What Canadian Employers Should Know About Legalized Cannabis Use

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Cannabis legalization made massive headlines in Canada when it officially came into effect on October 17, 2018. Voted the biggest business story of the year, its ripple effects are being felt in just about every corner of Canadian society, from opening new opportunities for entrepreneurs and governments to creating new policy challenges in transportation and healthcare.

It’s also causing confusion in the workplace — and many employers are already feeling the pressure. Employers’ concerns generally fall into one of four areas:

●      Workplace safety, including the use of equipment and vehicles

●      Work performance, including attendance, fitness for duty and impairment on the job

●      Disciplinary matters, including performance issues and termination

●      Accommodation for employees using medically-prescribed cannabis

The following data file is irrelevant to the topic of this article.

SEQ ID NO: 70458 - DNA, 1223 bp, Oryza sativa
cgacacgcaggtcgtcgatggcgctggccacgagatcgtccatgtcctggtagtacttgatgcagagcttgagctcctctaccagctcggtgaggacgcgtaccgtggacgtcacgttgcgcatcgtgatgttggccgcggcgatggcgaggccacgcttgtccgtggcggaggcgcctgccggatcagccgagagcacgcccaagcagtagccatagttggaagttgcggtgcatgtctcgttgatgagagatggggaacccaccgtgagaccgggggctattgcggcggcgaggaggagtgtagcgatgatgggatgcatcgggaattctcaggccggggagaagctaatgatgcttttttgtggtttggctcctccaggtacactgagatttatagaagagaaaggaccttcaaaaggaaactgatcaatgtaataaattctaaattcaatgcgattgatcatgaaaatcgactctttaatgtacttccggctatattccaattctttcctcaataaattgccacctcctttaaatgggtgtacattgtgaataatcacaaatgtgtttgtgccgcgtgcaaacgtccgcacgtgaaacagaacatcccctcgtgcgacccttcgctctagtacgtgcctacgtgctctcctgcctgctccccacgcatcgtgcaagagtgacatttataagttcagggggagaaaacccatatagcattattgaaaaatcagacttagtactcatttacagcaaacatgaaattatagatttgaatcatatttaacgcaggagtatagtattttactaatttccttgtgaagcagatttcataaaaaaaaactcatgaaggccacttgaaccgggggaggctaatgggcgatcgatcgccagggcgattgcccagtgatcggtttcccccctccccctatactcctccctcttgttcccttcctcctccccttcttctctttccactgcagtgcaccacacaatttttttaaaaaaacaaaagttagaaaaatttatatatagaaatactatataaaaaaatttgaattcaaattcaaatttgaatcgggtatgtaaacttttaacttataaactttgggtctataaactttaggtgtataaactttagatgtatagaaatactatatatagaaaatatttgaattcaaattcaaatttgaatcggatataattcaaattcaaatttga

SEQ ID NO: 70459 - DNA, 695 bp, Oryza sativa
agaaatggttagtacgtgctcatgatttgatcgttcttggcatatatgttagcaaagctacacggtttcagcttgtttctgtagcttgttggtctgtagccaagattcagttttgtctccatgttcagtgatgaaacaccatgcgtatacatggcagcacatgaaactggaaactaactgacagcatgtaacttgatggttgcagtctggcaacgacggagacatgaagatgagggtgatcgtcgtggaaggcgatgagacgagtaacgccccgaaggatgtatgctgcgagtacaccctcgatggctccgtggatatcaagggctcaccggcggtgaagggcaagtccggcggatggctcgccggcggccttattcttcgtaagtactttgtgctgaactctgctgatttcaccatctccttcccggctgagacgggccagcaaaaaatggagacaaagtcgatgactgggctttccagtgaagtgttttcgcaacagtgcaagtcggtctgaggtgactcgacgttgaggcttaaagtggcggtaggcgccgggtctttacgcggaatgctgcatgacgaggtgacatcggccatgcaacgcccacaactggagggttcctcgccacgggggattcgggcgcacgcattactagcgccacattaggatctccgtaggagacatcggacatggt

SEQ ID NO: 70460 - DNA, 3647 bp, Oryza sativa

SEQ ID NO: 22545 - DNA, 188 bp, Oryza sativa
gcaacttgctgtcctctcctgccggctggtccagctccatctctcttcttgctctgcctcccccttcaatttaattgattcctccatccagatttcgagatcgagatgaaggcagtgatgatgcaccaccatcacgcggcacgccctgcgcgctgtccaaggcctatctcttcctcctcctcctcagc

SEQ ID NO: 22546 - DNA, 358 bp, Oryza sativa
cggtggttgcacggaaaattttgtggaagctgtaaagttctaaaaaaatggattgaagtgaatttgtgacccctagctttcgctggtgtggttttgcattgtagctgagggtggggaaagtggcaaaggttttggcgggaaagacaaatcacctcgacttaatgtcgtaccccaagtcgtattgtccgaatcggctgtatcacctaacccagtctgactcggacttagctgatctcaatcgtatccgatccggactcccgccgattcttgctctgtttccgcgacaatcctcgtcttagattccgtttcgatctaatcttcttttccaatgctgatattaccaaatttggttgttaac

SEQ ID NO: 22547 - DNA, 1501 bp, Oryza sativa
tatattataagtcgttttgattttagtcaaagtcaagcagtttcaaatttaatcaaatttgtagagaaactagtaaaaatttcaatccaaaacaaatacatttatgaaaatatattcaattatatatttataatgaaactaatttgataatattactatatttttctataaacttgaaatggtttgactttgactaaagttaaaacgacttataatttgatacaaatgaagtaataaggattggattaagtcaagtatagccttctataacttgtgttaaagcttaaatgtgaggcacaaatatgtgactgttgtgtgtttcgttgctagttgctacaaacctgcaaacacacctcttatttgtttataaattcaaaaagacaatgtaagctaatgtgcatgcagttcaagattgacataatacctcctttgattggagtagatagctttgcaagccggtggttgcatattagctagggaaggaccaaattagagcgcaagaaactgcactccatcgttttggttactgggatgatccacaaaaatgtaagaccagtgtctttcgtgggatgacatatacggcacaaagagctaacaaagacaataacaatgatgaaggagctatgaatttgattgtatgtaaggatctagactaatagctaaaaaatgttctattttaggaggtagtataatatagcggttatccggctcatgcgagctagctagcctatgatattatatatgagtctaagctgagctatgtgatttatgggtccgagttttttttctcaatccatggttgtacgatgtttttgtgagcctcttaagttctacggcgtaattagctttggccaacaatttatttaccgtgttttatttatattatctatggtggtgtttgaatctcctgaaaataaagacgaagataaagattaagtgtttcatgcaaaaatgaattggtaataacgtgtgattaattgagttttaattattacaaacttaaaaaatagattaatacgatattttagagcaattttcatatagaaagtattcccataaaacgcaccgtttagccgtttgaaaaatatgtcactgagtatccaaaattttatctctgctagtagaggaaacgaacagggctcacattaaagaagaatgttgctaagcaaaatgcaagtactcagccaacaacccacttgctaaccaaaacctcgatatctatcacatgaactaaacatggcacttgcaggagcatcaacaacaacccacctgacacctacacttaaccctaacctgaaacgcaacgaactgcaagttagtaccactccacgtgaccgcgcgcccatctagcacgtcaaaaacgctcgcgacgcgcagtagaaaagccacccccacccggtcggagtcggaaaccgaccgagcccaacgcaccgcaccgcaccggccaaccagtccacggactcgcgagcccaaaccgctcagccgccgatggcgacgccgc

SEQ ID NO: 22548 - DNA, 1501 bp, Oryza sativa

These concerns are legitimate. A 2017 survey of over 650 Human Resources Professionals Association members found that 45% do not believe their current workplace policies address potential new issues arising from the legalization of marijuana.

However, with proper planning, focus, and communication, Canadian employers can create a workplace environment that remains safe and productive.

Here are three key things for employers to keep in mind as they navigate this new landscape.

Ensure a safe work environment

With cannabis use on the rise since legalization, employers must remember the golden rule of this country’s health and safety laws: it’s your duty to keep the workplace safe.

A good starting point is education. Provide your employees with general information about the drug’s various strains, the levels of THC (the intoxicating chemical compound in cannabis) in different products, the difference between smoking vs. consuming edibles, medical applications of cannabis, and the risks of impairment.